The UK government is set to borrow billions of pounds from its emergency Bank of England overdraft to finance the fight against Covid-19.
The government will draw money from the Bank's "ways and means" facility to help workers and businesses.
It has not used the facility in this way since the financial crisis.
While it is controversial for a central bank to hand cash directly to the government, the Bank and Treasury insist the overdraft is temporary.
In the red
The ways and means facility will give the government a temporary cash buffer as it seeks to raise unprecedented amounts to deal with the coronavirus outbreak.
The last time it was used was at the height of the financial crisis in December 2008.
In normal times the government uses tax revenues to pay for public services such as hospitals and schools.
If there's a shortfall, it borrows the rest from investors by issuing bonds through the Debt Management Office.
But the government needs to raise a lot of money in a short period of time to pay for its economic stimulus package to support the economy.
It may run into funding problems if there aren't enough buyers for its bonds.
While the UK has not suffered a failed auction in the main gilt market since 2009, recent jitters in financial markets meant it couldn't find enough buyers in a short-term debt auction last month.
The ways and means facility gives the government the ability to get cash quickly while minimising any financial market disruption.
It is understood that use of the facility was agreed at the end of March, but strong demand for UK debt has meant it has not yet been needed.
The Bank will charge 0.1% interest on any money withdrawn from the facility. This is the same as the Bank of England base rate.
In a joint statement, the Treasury and Bank said any use of the facility would be "temporary and short-term".
They added: "The government will continue to use the markets as its primary source of financing, and its response to Covid-19 will be fully funded by additional borrowing through normal debt management operations."
EU law prohibits central banks from printing money to directly fund public authorities.
Left unchecked, so-called "monetary financing" can cause prices to rise uncontrollably, like in Zimbabwe and Venezuela.
However, in the 1990s, Brussels agreed that the UK could maintain the ways and means facility until it ever decided to adopt the euro.
While the UK has since left the EU, the provision still stands today.
The move comes as the latest official statistics show that the UK economy was stagnant in the three months to February, just before the coronavirus pandemic escalated and lockdown measures were introduced.
The UK's gross domestic product (GDP) rose by just 0.1% between December and February, the Office for National Statistics (ONS) said.
The ONS said: "Before the full effects of coronavirus took hold, the economy continued to show little to no growth."
Rob Kent-Smith, head of GDP at the ONS, said that the fall was down to wet weather and flooding seen across the UK hampering house building.
GDP fell by 0.1% in February, which was worse than expected. Economists had predicted that the economy would in fact grow during the month.
What happens next?
Paul Dales, chief UK economist at Capital Economics, said that GDP could "fall at a speed and magnitude no-one has ever seen and no economy has ever experienced before."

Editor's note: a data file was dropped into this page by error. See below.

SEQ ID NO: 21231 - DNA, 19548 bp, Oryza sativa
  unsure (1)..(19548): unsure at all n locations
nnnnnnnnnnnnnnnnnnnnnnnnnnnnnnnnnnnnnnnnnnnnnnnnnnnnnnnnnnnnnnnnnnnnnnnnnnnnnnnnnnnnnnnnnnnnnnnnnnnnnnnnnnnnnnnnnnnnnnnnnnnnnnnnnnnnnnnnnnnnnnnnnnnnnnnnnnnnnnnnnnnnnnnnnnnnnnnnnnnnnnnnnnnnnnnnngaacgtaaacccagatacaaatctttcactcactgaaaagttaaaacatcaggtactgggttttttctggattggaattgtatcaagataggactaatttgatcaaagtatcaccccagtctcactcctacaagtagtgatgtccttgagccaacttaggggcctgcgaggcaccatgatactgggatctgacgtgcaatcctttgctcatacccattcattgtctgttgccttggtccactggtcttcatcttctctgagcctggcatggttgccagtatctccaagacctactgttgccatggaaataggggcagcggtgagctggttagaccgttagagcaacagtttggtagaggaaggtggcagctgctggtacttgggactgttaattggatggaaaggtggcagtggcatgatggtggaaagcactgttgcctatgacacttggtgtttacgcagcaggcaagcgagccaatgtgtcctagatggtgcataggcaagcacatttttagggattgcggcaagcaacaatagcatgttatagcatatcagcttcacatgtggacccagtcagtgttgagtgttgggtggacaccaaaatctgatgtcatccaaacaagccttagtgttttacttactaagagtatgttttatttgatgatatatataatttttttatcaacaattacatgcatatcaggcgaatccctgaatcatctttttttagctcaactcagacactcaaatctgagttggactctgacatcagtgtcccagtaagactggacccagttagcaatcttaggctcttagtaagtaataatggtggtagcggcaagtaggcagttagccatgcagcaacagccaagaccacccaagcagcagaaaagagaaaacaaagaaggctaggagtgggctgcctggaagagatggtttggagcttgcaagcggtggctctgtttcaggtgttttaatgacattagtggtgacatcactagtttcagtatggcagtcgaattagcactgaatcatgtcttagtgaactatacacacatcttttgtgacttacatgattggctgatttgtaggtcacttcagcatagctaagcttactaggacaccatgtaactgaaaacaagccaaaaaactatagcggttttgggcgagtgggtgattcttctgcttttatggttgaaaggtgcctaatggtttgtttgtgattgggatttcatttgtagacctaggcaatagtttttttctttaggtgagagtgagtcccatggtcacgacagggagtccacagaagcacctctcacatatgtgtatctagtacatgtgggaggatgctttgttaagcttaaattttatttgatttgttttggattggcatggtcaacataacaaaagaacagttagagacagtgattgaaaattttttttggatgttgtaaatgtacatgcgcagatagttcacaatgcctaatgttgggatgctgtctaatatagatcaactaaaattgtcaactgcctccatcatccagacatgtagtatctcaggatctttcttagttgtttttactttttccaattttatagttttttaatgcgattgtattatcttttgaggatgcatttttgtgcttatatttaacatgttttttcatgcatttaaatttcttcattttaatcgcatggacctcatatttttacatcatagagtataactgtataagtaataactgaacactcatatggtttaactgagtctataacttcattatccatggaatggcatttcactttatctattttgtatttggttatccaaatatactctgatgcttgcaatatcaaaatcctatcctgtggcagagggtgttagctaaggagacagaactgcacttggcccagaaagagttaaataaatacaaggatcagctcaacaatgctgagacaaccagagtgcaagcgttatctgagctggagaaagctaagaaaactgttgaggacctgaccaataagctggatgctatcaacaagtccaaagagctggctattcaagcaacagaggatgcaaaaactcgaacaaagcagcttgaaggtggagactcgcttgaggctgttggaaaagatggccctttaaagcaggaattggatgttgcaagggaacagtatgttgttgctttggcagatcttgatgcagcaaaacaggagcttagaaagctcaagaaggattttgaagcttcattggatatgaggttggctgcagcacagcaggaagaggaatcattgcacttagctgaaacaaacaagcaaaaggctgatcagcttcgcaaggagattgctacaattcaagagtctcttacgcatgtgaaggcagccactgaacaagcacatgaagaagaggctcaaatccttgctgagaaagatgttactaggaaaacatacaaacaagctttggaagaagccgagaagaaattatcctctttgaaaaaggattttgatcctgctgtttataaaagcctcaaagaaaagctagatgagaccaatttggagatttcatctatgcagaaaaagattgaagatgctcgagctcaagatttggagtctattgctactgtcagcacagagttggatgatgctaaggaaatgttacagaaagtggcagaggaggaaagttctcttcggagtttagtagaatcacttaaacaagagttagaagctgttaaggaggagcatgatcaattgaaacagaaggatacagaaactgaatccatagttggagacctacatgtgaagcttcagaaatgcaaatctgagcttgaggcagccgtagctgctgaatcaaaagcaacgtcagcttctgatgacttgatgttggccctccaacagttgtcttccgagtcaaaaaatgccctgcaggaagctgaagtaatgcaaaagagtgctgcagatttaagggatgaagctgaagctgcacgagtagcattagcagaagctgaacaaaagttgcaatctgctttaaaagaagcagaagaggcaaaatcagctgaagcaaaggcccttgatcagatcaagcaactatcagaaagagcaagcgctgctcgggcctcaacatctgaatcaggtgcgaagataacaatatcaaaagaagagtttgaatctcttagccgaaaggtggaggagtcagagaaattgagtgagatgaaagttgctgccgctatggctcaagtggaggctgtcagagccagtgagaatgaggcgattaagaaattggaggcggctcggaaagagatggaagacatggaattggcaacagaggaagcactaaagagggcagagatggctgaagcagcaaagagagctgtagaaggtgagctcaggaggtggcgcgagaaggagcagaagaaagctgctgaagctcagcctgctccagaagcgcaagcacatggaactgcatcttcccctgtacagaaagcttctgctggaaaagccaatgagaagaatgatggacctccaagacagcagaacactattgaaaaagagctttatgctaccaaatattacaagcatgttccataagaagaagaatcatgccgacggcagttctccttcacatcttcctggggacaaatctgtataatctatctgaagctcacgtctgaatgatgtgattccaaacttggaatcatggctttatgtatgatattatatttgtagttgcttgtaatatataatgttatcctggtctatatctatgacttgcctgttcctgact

Economic activity is thought to have slowed as social distancing measures have kept people away from offices, shops, cafes and restaurants.
Mr Dales added: "What happens next depends on how long the lockdowns last and how quickly households and businesses get back to normal.
"We've assumed a three-month lockdown. And while GDP growth would then surge in the months afterwards, households and businesses aren't going to be the same again for a while."
The Ways and Means account has not been used since the financial crisis, and is normally worth £400m. But outside experts say that this will increase by billions, perhaps tens of billions to help the government manage a sharp increase in immediate spending. During the financial crisis this overdraft reached just under £20bn.
It is also a mechanism to account for more direct lending of electronically created money from the Bank of England to the Treasury.
Over the past month there have been some periods of stress in financial markets for some forms borrowing by many governments. Right now, the Treasury is raising a record monthly amount of government borrowing, with auctions of debt on the majority of days.
This helps take the pressure off those processes at a time when tens of billions in cash is being handed out to businesses and to workers, and at a time when tax revenues are likely to stall alongside an economic contraction.
The government says whatever sum is borrowed will be repaid by the end of the year, and this is not a form of so-called "money printing".
But this is also the mechanism suggested by former top Treasury officials through which the Bank could more formally directly buy government debt from the Treasury, rather than buying it on the open market.
That has not been announced today, but is a possible consequence of the expansion of Quantitative Easing by the Bank of England announced last week.
Today's development is a sign of the unusual moves required to account for significant economic policy challenges around the pandemic, and a sign of things to come.